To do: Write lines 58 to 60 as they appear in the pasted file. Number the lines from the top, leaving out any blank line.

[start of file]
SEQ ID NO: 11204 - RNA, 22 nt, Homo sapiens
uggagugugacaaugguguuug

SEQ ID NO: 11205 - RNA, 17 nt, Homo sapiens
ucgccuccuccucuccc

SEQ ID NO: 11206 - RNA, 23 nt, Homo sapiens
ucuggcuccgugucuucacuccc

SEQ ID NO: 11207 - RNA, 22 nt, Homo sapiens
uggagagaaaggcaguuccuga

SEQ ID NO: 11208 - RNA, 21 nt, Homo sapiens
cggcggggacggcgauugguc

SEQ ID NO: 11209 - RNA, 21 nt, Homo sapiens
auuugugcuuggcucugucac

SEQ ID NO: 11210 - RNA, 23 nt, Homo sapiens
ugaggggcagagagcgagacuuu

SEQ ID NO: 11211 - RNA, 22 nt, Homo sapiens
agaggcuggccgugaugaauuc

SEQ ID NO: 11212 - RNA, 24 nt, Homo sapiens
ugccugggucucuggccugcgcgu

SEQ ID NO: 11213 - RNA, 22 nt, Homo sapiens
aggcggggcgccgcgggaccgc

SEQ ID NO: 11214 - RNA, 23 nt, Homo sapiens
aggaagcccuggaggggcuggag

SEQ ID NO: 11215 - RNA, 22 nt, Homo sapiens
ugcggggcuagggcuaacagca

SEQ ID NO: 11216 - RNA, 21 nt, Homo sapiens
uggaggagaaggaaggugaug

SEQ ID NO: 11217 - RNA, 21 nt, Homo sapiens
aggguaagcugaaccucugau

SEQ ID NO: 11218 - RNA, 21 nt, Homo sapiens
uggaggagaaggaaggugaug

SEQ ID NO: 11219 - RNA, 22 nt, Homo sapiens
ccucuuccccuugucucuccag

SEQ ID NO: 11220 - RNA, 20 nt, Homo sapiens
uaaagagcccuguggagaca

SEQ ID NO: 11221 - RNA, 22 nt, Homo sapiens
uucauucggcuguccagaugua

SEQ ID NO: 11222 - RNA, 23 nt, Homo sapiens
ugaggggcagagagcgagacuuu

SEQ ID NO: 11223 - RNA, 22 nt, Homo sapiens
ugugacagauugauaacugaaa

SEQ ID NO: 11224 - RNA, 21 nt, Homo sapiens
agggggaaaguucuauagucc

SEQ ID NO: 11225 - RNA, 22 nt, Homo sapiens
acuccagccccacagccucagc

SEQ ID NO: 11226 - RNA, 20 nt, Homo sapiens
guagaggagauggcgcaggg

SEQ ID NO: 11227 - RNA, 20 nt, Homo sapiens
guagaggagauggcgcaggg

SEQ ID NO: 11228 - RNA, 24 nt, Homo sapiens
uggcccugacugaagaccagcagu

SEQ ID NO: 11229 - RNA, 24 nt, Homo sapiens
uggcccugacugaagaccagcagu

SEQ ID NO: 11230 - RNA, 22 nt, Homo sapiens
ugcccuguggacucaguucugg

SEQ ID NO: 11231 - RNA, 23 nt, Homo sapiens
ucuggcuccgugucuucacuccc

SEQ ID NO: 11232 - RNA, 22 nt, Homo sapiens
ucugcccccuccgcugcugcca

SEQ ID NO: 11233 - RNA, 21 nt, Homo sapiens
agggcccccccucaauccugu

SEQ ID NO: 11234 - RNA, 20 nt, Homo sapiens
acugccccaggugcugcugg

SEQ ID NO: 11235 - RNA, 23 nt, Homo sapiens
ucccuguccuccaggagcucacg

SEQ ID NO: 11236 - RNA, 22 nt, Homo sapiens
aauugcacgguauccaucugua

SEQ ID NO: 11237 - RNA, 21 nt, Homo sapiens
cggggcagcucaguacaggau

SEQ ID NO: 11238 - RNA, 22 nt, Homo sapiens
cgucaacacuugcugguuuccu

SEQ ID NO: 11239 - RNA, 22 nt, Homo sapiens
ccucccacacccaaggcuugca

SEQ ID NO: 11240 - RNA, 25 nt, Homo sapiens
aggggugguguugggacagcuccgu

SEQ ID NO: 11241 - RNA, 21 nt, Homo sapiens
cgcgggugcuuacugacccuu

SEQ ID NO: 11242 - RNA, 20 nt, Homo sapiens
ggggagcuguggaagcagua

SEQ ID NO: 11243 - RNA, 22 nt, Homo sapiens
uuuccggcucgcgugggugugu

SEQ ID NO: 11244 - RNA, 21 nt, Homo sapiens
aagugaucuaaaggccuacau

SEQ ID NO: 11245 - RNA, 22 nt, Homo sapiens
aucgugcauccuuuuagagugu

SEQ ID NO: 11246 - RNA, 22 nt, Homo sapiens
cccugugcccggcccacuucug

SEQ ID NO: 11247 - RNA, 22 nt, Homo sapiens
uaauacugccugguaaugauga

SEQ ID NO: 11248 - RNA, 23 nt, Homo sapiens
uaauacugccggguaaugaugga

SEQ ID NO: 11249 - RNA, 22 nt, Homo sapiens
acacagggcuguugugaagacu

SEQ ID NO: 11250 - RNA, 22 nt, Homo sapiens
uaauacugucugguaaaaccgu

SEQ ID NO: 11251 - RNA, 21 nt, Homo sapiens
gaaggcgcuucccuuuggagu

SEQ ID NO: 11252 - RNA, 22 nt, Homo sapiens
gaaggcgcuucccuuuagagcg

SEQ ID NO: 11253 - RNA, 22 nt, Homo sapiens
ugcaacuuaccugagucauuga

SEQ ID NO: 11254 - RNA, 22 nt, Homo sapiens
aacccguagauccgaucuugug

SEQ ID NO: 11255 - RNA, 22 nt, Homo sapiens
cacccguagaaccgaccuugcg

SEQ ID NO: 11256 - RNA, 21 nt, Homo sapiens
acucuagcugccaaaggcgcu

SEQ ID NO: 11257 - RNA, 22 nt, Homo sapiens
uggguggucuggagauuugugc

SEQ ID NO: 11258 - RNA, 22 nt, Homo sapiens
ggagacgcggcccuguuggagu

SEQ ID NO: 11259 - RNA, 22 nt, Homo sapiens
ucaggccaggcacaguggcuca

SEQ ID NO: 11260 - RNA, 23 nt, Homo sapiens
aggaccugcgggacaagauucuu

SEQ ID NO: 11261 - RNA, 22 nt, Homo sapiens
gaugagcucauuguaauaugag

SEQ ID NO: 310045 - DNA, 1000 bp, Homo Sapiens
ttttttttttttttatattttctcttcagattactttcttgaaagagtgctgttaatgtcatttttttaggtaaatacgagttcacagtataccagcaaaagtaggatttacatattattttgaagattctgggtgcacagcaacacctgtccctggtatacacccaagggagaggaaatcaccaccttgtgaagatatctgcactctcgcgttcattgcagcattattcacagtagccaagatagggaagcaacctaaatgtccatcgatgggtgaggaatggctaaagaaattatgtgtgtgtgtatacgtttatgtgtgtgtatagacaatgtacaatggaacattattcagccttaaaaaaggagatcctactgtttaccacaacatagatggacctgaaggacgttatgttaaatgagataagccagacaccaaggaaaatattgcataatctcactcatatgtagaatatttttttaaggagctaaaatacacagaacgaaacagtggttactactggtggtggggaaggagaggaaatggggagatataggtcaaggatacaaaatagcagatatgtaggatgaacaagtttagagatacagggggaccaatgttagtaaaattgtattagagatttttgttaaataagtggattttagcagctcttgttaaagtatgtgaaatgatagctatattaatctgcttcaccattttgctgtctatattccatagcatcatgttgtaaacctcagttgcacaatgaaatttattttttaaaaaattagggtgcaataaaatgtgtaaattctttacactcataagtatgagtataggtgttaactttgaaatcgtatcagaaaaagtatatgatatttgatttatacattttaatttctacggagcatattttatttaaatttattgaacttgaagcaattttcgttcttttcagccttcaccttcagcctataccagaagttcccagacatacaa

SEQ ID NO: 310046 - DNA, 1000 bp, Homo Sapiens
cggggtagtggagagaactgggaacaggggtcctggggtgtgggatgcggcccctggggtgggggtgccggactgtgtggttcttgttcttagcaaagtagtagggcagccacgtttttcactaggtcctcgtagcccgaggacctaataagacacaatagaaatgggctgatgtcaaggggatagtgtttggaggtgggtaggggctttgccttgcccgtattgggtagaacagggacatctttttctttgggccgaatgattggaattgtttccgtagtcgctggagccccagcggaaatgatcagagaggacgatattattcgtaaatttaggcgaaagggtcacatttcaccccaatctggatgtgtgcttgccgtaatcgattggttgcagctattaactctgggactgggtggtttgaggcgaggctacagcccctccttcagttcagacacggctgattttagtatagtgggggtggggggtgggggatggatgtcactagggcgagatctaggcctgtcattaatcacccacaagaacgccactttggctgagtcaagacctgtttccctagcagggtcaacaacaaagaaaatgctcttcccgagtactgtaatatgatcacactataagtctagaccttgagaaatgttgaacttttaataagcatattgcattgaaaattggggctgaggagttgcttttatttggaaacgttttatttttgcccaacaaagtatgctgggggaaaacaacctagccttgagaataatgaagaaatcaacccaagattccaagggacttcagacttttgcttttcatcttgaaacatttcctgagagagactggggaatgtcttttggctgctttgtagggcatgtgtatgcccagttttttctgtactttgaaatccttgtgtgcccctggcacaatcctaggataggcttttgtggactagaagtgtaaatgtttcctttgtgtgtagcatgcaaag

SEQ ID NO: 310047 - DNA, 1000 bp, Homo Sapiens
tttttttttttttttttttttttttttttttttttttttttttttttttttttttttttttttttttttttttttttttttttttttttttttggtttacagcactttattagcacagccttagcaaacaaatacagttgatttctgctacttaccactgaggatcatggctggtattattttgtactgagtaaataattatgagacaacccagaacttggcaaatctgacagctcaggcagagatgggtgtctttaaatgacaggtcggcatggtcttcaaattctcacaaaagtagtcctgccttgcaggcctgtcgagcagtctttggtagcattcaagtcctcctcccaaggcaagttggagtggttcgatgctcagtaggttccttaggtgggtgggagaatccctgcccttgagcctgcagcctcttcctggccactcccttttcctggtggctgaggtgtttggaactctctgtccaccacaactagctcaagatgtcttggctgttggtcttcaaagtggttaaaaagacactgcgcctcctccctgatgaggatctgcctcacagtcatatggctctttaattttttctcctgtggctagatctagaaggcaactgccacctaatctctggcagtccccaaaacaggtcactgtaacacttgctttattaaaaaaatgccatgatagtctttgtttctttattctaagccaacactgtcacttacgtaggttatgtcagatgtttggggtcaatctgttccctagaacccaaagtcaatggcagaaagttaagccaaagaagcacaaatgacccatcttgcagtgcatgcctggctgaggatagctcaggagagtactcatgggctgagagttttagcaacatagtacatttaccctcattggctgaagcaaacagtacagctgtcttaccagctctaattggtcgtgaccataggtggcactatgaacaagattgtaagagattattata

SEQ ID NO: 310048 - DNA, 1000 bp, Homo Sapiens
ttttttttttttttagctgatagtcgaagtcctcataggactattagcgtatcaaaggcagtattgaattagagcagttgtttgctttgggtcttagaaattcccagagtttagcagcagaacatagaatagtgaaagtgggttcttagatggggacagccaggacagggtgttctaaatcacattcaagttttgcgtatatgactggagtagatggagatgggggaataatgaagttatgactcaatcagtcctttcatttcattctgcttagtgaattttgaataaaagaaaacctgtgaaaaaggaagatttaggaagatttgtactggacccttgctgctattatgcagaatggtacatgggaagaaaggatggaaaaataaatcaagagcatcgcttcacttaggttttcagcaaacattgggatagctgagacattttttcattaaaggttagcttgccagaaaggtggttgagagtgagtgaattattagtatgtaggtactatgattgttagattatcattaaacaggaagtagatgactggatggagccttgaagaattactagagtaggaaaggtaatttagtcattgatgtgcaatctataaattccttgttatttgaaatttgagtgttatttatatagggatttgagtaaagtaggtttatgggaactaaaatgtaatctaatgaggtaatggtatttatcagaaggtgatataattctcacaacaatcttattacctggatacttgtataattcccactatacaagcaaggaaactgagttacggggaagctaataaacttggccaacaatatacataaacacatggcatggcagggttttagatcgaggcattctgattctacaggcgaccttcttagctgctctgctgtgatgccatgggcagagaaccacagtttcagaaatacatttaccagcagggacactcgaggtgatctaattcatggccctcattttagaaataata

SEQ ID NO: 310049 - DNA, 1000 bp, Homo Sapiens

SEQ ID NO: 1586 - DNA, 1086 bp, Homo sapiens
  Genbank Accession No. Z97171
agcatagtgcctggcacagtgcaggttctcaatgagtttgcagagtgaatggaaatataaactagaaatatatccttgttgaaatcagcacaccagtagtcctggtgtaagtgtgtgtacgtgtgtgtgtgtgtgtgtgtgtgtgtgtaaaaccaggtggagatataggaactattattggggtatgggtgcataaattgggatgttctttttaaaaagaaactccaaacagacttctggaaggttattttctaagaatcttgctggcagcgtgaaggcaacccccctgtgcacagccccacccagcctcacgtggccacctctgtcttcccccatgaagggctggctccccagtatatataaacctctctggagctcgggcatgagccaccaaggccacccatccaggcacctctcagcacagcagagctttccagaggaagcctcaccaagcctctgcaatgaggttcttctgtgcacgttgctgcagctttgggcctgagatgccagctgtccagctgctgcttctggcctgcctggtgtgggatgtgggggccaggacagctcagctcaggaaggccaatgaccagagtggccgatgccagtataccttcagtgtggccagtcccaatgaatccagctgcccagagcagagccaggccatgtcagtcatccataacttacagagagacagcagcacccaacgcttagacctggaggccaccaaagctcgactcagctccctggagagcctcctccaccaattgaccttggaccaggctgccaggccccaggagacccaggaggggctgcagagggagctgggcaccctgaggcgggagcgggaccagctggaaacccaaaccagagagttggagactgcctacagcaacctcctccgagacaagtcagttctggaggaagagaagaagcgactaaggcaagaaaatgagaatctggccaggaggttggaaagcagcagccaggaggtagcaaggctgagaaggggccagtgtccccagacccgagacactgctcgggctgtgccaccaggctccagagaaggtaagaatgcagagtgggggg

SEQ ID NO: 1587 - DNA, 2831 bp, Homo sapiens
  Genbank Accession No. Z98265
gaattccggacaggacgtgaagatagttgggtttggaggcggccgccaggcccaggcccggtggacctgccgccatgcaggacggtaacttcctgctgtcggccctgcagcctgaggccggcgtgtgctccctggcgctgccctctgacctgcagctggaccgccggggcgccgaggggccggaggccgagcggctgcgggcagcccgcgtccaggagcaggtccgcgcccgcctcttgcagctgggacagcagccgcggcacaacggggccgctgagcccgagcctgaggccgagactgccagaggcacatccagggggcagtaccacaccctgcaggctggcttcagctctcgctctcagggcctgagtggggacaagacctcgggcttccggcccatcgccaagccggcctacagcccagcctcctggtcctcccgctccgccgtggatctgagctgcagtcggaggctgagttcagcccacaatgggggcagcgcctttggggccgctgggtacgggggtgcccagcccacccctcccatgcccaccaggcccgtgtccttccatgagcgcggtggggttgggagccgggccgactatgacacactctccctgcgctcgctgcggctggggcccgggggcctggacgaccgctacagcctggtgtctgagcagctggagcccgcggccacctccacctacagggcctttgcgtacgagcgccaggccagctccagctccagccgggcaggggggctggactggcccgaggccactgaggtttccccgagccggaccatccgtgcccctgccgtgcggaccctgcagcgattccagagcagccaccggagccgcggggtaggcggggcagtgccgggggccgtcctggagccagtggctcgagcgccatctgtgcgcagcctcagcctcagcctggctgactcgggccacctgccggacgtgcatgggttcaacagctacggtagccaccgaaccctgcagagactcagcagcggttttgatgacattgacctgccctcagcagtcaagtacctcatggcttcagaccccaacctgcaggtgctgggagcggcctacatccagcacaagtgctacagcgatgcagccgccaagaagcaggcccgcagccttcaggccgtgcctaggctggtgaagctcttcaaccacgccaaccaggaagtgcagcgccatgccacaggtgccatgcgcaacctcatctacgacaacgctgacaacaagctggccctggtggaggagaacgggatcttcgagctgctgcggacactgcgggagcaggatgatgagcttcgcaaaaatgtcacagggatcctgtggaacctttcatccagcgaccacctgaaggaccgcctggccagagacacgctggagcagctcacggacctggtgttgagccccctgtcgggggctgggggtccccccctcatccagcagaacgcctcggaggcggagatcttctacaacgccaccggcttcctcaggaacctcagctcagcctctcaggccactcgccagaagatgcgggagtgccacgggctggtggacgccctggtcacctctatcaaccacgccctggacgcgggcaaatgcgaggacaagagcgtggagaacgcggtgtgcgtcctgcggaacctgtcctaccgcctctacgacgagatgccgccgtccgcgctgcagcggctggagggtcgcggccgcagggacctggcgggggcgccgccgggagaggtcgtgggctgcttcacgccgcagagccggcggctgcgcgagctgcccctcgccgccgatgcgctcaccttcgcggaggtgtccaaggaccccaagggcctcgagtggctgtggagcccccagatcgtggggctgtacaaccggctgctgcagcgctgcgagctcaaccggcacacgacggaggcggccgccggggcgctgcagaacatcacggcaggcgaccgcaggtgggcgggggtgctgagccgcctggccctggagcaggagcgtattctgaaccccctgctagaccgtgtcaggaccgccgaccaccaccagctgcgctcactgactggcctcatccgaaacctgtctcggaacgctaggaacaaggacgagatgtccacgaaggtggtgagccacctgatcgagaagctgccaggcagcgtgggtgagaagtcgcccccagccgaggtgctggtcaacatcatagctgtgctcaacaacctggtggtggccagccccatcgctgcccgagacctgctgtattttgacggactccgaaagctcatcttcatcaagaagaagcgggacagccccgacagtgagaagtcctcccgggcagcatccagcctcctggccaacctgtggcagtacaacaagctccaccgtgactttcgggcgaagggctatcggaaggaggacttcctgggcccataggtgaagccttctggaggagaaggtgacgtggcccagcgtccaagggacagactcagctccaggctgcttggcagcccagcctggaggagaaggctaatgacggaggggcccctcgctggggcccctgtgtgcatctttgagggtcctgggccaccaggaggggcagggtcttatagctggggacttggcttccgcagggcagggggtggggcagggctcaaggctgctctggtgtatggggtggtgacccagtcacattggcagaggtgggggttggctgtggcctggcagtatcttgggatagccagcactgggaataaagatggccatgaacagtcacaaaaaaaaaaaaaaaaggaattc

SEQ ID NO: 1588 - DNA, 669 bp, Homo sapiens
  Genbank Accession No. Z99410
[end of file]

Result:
ucugcccccuccgcugcugcca

SEQ ID NO: 11233 - RNA, 21 nt, Homo sapiens
agggcccccccucaauccugu